At their meeting on 30th January, the GTCS’s Education Committee received an excellent input on the Senior Phase Benchmarking Tool (SPBT) from Project Manager, Eileen Gill, and Professional Advisor, Colin Sutherland.
OK, so the SPBT isn’t the catchiest of titles or acronyms, but it masks one of the most important developments taking place just now in Scottish education – one element of several (CfE; GIRFEC; Professional Update; new NQs; GTCS’s revised Standards to name but a few) that align closely with each other and which, taken together, are inter-related elements designed to improve and “future proof” the Scottish education system for all current and future learners.
The SPBT also helpfully focuses on wider aspects of learner achievement and not solely narrow attainment, as used currently by the Standard Tables and Charts (STACS) which it replaces, and much-beloved of press and media in constructing the much-dreaded school “league tables”.
Looking at the progress being made with the SPBT reminds us of the close link it has to GTCS’s recently revised Professional Standards. At the core of all three sets of GTCS Professional Standards (Standards for Registration; Standards for Career-Long Professional Learning; and Standards for Leadership and Management) lie a set of Professional Values (Social Justice; Integrity; Trust and Respect; and Professional Commitment) that can be seen to be threaded through the purposes of the SPBT.
One of the oft-quoted criticisms of STACS (Standard Tables and Charts) was that its comparator school analysis did not adequately take account of the unique features of individual schools, even although they were grouped as being “similar” or having “similar characteristics”. This issue is well addressed with the set of filters in the SPBT that allows the user to ‘drill down’ into the data and view analysis based on features such as gender, age, positive destinations, additional support needs, English as an additional language and looked after children.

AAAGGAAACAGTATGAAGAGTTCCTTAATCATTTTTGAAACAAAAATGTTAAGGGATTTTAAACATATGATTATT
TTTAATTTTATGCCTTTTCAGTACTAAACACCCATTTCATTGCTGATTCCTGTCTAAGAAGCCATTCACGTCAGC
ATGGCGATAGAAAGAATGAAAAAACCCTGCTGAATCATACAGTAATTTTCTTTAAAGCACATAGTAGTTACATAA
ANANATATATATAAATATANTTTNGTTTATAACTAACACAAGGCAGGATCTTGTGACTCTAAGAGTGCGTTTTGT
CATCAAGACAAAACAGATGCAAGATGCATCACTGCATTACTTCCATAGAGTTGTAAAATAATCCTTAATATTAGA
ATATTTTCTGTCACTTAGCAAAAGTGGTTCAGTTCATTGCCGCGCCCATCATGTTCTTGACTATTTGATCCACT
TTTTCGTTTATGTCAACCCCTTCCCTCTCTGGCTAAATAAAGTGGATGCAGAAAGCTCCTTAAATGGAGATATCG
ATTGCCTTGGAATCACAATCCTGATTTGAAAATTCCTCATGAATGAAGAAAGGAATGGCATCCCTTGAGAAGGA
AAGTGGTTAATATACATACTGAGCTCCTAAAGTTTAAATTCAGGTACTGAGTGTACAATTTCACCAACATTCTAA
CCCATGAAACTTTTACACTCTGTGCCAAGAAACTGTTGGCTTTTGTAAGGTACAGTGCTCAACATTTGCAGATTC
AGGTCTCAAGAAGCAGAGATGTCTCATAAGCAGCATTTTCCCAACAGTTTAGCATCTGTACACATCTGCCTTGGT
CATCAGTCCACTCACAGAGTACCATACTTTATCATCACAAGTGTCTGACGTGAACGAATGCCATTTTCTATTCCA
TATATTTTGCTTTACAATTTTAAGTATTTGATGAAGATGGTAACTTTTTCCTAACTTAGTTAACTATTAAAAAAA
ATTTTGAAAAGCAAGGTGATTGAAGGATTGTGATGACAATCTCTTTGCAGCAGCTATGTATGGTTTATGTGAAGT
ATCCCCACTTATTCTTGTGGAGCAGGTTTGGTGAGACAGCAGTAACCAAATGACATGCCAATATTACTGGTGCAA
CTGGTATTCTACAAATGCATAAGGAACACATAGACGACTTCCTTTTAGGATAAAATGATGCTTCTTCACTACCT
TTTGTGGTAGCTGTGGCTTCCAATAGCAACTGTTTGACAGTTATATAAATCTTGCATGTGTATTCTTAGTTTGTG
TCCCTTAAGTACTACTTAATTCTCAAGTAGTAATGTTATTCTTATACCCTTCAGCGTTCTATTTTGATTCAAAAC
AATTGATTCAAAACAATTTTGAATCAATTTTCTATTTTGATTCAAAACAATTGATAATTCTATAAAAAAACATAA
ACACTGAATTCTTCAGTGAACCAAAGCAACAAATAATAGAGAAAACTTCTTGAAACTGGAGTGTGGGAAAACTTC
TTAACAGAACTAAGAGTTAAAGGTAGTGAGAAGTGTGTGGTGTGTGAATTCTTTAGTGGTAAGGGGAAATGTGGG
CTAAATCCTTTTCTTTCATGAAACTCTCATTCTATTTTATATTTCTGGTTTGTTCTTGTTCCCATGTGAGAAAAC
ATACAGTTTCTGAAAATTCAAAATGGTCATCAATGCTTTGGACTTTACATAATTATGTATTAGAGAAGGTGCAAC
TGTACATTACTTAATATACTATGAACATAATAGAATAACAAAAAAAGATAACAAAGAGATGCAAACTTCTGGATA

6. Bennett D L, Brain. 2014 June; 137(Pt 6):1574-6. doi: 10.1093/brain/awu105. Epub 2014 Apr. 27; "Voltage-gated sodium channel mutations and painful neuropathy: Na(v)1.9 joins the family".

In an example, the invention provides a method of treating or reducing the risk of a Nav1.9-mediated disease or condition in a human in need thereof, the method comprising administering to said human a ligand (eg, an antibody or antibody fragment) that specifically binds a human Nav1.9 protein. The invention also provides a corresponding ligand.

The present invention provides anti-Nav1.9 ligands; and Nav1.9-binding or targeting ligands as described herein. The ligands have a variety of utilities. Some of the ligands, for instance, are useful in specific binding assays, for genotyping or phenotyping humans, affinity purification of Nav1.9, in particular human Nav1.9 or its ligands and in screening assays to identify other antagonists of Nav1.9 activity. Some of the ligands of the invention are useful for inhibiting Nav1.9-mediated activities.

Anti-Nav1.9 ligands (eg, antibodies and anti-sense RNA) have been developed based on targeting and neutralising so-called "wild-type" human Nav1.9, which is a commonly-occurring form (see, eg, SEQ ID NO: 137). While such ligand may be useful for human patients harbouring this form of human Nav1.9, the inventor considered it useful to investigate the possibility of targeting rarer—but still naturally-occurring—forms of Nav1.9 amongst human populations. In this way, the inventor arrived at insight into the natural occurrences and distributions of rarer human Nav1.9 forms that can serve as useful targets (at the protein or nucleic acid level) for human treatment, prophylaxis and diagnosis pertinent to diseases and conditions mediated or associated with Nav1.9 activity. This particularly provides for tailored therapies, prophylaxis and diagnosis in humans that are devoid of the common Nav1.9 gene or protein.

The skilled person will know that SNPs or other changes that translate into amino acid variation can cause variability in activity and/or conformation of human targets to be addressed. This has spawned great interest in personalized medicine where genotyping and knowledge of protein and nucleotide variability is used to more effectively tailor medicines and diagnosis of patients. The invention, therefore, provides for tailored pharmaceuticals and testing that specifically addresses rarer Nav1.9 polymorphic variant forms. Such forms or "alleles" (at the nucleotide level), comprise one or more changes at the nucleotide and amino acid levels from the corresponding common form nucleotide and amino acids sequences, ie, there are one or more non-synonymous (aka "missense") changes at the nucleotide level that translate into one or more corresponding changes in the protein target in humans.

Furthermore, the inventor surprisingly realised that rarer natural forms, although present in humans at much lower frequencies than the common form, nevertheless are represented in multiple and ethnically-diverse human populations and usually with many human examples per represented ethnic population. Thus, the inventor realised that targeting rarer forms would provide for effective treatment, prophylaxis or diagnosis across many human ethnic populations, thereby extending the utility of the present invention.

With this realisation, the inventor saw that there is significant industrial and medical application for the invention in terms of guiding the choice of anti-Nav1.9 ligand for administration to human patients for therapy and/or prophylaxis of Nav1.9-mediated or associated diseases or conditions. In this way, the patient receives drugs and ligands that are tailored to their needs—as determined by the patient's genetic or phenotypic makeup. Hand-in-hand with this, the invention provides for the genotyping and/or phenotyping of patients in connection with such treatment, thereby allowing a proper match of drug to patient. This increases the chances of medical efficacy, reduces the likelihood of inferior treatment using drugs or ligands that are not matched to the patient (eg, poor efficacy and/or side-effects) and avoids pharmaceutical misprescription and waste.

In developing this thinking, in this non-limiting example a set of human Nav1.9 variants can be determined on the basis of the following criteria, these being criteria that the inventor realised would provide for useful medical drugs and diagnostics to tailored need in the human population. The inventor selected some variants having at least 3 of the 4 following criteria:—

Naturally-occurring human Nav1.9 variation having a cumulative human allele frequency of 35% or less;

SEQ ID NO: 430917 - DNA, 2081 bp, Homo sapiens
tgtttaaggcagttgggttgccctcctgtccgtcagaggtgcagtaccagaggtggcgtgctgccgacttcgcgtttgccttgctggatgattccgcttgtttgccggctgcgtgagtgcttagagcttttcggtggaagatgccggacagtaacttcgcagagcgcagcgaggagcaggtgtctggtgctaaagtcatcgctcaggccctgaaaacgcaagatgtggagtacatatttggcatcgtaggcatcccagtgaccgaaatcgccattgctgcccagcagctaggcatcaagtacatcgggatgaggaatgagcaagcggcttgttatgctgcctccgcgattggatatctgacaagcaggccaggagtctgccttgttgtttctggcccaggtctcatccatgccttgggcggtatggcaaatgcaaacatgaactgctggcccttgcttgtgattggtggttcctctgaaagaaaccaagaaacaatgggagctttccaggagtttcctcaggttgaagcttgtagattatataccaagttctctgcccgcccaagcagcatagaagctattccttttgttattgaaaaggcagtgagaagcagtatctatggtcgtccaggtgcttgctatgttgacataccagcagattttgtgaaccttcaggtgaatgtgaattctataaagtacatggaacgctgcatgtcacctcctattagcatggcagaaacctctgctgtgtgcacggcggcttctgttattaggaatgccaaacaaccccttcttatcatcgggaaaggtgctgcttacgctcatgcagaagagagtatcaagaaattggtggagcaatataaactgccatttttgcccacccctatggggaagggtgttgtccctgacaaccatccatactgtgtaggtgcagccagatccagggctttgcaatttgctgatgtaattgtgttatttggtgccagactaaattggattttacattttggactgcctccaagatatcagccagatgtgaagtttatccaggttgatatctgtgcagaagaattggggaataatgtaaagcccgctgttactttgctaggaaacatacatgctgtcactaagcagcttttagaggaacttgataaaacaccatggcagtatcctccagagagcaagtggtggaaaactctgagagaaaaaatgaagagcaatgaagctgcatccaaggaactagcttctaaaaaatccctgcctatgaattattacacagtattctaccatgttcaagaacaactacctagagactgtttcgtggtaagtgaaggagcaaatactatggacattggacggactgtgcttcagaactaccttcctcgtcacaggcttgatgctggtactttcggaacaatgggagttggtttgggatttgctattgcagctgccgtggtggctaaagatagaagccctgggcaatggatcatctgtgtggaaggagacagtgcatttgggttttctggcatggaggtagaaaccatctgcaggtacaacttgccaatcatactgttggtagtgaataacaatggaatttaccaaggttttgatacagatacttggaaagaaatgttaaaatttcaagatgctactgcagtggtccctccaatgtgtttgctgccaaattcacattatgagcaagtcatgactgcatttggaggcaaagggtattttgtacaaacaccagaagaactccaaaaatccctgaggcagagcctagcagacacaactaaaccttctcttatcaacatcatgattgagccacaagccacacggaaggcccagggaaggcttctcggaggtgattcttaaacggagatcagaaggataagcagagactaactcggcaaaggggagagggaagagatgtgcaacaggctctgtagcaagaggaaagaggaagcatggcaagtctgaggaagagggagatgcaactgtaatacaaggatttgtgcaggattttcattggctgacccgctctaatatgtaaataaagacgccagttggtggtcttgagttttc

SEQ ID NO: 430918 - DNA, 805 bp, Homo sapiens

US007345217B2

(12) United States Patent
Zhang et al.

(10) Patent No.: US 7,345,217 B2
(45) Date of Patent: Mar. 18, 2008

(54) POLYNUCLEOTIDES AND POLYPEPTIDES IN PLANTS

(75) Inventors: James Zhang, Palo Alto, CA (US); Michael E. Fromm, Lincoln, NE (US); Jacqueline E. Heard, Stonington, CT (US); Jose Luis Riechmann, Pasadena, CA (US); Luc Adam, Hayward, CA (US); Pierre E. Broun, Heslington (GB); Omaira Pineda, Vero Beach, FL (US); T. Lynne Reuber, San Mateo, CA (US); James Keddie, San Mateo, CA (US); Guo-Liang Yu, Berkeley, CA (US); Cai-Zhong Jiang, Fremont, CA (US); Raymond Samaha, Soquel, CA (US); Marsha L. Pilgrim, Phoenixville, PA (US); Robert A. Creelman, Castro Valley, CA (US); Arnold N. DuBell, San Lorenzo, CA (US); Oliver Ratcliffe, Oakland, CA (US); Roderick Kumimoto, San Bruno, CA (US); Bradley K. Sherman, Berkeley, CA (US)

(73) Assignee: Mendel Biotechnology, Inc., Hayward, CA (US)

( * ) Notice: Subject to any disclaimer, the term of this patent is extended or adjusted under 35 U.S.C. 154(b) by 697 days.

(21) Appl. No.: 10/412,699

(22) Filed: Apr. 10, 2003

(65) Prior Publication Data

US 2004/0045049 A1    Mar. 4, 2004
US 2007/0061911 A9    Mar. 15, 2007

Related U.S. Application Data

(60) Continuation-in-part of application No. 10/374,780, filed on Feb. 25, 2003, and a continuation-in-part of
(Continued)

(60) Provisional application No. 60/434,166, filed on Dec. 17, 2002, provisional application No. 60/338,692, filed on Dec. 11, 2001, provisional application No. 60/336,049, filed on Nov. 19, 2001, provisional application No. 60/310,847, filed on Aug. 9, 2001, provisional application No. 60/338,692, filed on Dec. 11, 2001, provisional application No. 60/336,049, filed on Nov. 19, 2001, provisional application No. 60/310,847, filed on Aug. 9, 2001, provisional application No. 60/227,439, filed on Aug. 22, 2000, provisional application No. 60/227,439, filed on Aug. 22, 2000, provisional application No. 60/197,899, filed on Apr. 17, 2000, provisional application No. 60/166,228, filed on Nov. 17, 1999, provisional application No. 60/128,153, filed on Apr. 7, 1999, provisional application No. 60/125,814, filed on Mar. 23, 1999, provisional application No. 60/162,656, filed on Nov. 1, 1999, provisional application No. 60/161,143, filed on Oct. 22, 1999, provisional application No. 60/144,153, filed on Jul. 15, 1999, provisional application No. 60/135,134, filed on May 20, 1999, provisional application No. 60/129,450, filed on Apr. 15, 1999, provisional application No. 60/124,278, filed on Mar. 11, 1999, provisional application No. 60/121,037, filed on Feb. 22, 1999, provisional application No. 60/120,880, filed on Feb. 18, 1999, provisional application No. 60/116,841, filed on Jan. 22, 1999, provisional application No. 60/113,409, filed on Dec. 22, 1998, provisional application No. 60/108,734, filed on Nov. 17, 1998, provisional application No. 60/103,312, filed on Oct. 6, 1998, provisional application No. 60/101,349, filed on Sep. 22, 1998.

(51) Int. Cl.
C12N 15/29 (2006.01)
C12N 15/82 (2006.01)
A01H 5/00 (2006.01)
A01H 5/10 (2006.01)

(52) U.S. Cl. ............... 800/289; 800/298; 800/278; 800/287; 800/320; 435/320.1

These are important factors that influence the performance of a young person and to have this facility to “isolate” and analyse those factors that are having positive or negative influence on their learners’ achievements will be a real boon for teachers and schools. The use of the filters clearly gives teachers and schools the opportunity to demonstrate their commitment to the values of Social Justice by ensuring that fair and inclusive policies and practices exist in relation to features such as disability and gender, and to Integrity through helping them to critically examine their practices to effect improvement.
The format and layout of the SPBT, and its facility to allow comparison with a “virtual school”, provide ideal opportunities for individuals and groups of teachers to demonstrate their Professional Commitment to work collegiately and engage in constructive enquiry. The easy-to-read dashboard which gives an overall picture of achievement data, and the facility to focus on more detailed aspects of learner achievement, supports and encourages professional dialogue at departmental, faculty and whole-school levels. Such professional dialogue and critical enquiry are hallmarks of teachers as professionals, acting in ways that develop a culture of Trust and Respect within the profession and confidence in the eyes of the public.
Will the SBPT bring an end to the publication of misleading and undermining league tables? – Maybe not. However, it will bring an easier and much more sophisticated, professional means of analysing how well all learners perform and how they might improve – and that can only but help improve the future Scottish education system overall.
General Teaching Council for Scotland
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